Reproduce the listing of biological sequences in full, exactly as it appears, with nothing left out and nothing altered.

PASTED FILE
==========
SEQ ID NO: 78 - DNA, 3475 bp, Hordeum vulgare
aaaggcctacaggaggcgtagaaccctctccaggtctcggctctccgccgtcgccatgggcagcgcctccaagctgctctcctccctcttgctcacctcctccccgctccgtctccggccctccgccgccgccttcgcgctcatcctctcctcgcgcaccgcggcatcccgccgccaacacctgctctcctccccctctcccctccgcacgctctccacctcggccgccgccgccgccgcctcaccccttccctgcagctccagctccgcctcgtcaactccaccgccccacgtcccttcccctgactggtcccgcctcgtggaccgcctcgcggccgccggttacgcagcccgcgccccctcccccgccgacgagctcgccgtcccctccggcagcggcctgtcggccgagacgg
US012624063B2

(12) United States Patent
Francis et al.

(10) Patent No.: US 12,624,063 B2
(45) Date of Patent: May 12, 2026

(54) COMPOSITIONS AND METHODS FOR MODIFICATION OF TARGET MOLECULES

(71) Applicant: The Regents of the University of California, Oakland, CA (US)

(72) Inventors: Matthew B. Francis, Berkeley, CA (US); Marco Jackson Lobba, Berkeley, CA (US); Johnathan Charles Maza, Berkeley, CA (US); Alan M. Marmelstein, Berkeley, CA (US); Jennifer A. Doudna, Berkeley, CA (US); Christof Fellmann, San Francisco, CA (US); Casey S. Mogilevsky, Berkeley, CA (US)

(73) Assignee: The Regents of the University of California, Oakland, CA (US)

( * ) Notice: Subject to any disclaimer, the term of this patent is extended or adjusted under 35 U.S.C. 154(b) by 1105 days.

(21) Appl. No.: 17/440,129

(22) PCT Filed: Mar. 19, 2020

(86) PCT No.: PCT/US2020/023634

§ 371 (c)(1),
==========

SEQ ID NO: 78 - DNA, 3475 bp, Hordeum vulgare
aaaggcctacaggaggcgtagaaccctctccaggtctcggctctccgccgtcgccatgggcagcgcctccaagctgctctcctccctcttgctcacctcctccccgctccgtctccggccctccgccgccgccttcgcgctcatcctctcctcgcgcaccgcggcatcccgccgccaacacctgctctcctccccctctcccctccgcacgctctccacctcggccgccgccgccgccgcctcaccccttccctgcagctccagctccgcctcgtcaactccaccgccccacgtcccttcccctgactggtcccgcctcgtggaccgcctcgcggccgccggttacgcagcccgcgccccctcccccgccgacgagctcgccgtcccctccggcagcggcctgtcggccgagacgg
US012624063B2

(12) United States Patent
Francis et al.

(10) Patent No.: US 12,624,063 B2
(45) Date of Patent: May 12, 2026

(54) COMPOSITIONS AND METHODS FOR MODIFICATION OF TARGET MOLECULES

(71) Applicant: The Regents of the University of California, Oakland, CA (US)

(72) Inventors: Matthew B. Francis, Berkeley, CA (US); Marco Jackson Lobba, Berkeley, CA (US); Johnathan Charles Maza, Berkeley, CA (US); Alan M. Marmelstein, Berkeley, CA (US); Jennifer A. Doudna, Berkeley, CA (US); Christof Fellmann, San Francisco, CA (US); Casey S. Mogilevsky, Berkeley, CA (US)

(73) Assignee: The Regents of the University of California, Oakland, CA (US)

( * ) Notice: Subject to any disclaimer, the term of this patent is extended or adjusted under 35 U.S.C. 154(b) by 1105 days.

(21) Appl. No.: 17/440,129

(22) PCT Filed: Mar. 19, 2020

(86) PCT No.: PCT/US2020/023634

§ 371 (c)(1),